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Genetic Ovarian Cancer

Genetic Ovarian Cancer diagnosis is considered when there are multiple cases of ovarian cancer on the same side of the family. The chance of having the disease increases in any of these situations:

  • One or more women are diagnosed at age 45 or younger
  • There are ovarian cancer in multiple generations on the same side of the family
  • There is a history of ovarian cancer in the family

What Causes Genetic Ovarian Cancer?

The gene mutation is the most common cause of hereditary ovarian cancer. Mutations in other genes are also associated with an increased risk of ovarian cancer, but scientists have not identified all of the genes involved.

Genes are instructions made from DNA that tell our cells how to function. Every cell in our body contains genes that decide and control how it functions, grows, and appears. Genes are duplicated in each person, one from the mother and one from the father.

Genes enable our cells to function normally. Occasionally, inherited genes may have small changes, known as mutations or alterations. The alteration or mutation of one of our genes can sometimes result in an increased risk of developing certain illnesses, compared to people who do not have the genetic change. The chances of passing on a gene mutation to a child are 50%.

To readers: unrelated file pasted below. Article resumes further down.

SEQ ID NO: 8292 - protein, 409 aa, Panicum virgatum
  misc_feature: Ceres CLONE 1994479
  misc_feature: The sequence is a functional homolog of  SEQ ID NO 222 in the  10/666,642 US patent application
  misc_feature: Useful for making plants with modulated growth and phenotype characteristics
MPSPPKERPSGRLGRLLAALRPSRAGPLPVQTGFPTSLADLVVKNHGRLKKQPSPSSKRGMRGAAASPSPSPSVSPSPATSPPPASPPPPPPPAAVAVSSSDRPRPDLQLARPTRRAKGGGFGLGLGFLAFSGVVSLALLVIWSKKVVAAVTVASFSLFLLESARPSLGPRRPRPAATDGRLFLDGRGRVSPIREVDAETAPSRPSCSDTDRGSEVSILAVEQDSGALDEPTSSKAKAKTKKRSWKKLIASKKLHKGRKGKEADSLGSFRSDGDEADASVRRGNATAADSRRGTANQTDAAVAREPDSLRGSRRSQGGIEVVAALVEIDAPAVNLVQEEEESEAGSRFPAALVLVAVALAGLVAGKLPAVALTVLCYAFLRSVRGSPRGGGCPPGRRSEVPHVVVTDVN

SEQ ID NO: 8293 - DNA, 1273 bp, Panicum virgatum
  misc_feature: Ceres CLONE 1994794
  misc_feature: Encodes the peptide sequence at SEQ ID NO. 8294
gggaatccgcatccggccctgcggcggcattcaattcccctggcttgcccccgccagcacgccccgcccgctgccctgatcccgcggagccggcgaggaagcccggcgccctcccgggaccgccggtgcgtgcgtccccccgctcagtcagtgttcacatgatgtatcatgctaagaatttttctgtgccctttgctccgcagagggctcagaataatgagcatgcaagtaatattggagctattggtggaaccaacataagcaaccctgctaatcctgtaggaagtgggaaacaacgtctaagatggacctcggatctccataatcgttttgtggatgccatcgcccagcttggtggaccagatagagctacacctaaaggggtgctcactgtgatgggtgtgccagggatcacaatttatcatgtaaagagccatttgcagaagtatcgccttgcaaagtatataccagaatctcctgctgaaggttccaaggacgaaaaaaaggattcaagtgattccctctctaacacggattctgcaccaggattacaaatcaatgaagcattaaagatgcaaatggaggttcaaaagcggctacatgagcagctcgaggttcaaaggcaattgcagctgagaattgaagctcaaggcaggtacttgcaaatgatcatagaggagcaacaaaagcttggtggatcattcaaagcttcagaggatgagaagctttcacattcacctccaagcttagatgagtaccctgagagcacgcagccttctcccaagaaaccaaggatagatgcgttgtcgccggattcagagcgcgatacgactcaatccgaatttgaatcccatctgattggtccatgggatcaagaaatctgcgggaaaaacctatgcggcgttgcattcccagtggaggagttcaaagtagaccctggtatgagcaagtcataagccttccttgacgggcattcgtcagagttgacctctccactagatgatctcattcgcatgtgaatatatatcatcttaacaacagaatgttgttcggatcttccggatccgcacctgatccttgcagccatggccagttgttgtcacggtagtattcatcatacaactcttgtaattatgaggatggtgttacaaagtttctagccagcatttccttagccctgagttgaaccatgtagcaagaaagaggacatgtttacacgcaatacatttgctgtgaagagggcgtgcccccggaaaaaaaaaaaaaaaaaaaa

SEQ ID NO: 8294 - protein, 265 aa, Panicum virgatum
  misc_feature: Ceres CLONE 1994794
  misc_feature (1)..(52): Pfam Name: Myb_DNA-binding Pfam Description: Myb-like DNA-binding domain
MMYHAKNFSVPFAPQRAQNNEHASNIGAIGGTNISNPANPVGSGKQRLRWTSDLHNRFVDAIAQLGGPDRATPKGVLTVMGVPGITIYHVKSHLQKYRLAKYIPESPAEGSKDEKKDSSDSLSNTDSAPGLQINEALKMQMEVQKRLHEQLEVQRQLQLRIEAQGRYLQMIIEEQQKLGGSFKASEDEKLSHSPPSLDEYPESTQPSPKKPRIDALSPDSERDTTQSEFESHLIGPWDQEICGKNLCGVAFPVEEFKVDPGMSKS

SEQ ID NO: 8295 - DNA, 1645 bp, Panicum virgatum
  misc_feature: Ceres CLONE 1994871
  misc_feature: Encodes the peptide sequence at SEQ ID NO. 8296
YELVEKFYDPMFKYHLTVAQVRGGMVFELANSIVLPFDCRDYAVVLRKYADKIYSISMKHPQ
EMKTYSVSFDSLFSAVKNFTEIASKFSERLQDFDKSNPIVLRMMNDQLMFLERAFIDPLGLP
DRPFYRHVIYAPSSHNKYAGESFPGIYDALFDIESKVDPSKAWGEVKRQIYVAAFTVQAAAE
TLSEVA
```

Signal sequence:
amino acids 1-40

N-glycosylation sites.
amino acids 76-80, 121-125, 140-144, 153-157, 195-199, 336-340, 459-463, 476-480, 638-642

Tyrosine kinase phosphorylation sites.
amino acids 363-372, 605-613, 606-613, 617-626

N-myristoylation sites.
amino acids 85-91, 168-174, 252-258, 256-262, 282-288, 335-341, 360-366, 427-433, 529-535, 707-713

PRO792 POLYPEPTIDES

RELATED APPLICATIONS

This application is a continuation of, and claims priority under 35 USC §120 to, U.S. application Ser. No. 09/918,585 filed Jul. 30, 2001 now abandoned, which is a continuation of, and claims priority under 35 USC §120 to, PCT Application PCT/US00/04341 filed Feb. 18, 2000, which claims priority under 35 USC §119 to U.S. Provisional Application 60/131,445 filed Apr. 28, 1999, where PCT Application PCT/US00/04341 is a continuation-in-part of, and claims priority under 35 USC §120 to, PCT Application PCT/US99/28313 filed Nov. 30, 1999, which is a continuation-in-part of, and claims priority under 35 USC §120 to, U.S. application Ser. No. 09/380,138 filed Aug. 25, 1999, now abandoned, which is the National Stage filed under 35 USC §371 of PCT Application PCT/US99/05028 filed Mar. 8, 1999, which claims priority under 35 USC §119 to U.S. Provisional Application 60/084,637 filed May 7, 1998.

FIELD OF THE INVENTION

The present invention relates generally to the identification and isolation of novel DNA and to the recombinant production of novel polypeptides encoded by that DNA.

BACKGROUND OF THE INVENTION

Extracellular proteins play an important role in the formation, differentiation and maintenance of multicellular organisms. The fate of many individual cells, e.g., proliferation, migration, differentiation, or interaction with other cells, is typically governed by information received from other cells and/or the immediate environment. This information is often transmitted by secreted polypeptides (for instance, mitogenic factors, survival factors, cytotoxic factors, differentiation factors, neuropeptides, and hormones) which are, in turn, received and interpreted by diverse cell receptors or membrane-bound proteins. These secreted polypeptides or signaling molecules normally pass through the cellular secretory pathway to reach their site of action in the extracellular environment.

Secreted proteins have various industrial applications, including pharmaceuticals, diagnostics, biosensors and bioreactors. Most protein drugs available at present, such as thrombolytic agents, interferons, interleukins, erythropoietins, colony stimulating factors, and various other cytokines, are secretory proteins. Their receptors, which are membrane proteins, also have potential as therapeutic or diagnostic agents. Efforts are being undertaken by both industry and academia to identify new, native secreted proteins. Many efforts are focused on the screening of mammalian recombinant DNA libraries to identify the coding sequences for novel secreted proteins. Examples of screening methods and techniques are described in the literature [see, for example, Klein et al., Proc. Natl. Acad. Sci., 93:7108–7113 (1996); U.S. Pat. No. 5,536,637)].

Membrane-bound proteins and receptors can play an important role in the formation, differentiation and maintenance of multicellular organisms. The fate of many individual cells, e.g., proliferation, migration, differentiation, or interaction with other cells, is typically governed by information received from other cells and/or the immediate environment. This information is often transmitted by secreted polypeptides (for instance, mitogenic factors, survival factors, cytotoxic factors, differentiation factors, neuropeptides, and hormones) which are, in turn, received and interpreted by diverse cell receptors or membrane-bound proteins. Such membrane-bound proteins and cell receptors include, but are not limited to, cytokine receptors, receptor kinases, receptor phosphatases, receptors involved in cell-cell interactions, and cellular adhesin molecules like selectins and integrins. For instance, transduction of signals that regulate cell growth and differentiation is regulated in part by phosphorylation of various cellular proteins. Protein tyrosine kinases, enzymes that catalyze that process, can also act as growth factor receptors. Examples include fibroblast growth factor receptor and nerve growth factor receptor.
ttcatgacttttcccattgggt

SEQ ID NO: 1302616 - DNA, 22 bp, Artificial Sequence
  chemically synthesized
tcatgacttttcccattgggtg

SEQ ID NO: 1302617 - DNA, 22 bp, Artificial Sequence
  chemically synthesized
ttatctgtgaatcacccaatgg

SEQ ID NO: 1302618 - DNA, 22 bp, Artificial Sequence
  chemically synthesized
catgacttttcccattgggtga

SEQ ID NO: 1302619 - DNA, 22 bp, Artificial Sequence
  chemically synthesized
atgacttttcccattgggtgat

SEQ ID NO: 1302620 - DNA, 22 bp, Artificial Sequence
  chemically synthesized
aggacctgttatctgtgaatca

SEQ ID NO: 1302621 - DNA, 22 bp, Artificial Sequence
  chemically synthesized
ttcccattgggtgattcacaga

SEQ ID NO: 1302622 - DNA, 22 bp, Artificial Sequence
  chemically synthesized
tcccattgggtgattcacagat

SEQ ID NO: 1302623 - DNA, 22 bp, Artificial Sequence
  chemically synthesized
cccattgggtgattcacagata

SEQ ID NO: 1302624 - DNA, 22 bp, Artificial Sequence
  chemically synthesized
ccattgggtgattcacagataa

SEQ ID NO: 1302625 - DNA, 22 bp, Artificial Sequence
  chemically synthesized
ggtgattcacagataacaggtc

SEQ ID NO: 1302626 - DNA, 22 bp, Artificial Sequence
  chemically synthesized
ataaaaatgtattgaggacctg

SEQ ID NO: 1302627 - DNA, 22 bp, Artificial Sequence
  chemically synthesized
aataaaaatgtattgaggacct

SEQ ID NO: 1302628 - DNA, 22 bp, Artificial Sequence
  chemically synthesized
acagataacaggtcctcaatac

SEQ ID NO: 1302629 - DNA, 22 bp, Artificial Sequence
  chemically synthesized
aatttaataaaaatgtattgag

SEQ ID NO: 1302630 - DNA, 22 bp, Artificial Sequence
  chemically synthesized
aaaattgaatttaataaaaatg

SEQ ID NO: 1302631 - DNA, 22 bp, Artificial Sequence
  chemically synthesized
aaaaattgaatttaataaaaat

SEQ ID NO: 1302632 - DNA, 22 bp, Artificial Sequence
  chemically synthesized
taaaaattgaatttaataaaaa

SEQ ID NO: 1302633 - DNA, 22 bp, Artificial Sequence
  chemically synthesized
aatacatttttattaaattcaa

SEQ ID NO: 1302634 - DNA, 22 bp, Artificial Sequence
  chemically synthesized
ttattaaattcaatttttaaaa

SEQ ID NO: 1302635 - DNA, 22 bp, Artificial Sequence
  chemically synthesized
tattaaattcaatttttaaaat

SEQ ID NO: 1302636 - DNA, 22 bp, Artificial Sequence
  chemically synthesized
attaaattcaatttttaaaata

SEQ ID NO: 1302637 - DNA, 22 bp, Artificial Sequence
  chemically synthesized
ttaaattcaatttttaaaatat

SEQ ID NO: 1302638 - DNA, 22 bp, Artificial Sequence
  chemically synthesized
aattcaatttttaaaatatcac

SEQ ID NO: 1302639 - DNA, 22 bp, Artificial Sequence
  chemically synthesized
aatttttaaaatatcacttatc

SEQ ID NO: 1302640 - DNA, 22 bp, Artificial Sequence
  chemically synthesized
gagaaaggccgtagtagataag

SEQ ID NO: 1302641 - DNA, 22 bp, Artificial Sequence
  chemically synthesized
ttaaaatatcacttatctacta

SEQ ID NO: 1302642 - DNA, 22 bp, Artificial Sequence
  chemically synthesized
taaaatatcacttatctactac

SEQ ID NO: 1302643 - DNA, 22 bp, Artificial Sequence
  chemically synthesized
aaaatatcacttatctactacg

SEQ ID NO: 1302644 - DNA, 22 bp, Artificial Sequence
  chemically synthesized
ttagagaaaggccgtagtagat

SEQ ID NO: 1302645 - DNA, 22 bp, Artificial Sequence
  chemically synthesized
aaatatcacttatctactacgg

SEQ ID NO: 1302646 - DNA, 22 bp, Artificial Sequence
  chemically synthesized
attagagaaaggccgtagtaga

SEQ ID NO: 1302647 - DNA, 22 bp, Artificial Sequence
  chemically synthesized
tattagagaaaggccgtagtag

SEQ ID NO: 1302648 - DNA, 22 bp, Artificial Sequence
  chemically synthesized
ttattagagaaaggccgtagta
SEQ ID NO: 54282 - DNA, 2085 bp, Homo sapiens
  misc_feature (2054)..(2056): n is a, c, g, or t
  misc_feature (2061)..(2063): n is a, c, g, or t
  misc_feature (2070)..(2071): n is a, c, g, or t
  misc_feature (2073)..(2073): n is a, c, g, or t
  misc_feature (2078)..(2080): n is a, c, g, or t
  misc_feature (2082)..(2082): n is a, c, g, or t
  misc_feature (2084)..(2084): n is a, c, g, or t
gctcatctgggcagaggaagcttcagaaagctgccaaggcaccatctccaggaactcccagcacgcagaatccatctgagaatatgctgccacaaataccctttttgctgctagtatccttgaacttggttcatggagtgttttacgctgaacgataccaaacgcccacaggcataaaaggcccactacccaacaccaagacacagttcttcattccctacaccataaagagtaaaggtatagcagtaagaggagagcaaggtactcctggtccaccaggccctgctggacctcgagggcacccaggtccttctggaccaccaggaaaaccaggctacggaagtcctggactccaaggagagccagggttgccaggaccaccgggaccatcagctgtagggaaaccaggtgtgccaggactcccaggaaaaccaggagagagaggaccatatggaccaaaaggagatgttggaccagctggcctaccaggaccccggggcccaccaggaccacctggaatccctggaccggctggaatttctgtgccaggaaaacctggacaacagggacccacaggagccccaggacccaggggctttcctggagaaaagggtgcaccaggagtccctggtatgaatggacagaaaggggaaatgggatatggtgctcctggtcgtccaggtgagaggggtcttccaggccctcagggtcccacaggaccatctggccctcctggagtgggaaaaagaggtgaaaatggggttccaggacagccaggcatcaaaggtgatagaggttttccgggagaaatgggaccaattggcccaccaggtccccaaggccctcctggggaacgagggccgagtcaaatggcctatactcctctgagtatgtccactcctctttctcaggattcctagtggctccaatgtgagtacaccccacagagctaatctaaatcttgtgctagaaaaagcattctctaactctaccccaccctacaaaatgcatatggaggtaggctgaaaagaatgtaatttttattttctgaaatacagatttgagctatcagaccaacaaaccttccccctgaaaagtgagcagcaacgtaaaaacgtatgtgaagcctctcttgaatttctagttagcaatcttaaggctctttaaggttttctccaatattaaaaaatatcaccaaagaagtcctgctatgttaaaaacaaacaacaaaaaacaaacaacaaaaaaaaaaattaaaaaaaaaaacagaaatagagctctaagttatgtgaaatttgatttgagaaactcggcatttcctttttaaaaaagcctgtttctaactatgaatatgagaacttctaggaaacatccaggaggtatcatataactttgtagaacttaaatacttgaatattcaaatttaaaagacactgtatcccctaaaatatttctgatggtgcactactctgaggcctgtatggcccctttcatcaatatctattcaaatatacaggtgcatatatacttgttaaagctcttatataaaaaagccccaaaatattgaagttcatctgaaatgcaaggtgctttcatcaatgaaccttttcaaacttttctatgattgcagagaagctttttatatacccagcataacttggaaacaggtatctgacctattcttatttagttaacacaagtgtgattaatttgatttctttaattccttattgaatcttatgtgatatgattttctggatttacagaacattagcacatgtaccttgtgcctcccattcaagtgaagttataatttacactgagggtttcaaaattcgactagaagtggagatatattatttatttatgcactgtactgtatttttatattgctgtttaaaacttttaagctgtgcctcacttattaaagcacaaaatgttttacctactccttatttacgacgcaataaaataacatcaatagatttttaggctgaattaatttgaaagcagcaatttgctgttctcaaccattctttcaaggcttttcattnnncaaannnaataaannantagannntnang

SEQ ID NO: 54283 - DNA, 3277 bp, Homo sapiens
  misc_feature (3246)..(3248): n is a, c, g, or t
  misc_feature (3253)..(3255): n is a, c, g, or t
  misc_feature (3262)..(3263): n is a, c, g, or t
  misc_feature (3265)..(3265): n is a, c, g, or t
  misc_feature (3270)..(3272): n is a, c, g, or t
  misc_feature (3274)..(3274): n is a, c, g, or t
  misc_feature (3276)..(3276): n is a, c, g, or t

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Other Causes and Risk Factors

Risk factors for ovarian cancers in addition to genetic mutations include:

  • Getting older
  • Being obese or overweight
  • Having children later or not at all
  • Taking hormone replacement therapy (HRT)
  • Using fertility treatments
  • Beginning menstruation early or before the age of 12
  • Smoking
  • Starting menopause later or after the age of 50

Diagnosis of Genetic Ovarian Cancer

People with new signs and symptoms of ovarian cancer lasting longer than 2 weeks must see a doctor for testing. These may include:

The doctor may use various tests to diagnose ovarian cancer including ultrasound, MRI scan, and CT scan. Diagnosis can also involve blood tests, colonoscopy, or biopsies. Early detection is vital to successfully treating ovarian cancer.  

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Treatment for Genetic Ovarian Cancer

Doctors will recommend treatment options based on the severity of cancer and the overall health of the patient. Ovarian cancer is usually treated with a combination of surgery to remove the cancerous tissue and chemotherapy to kill the remaining cancerous cells.

Targeted therapy is sometimes used by doctors. It involves identifying and attacking specific cancer cells with drugs. Chemotherapy typically causes more side effects.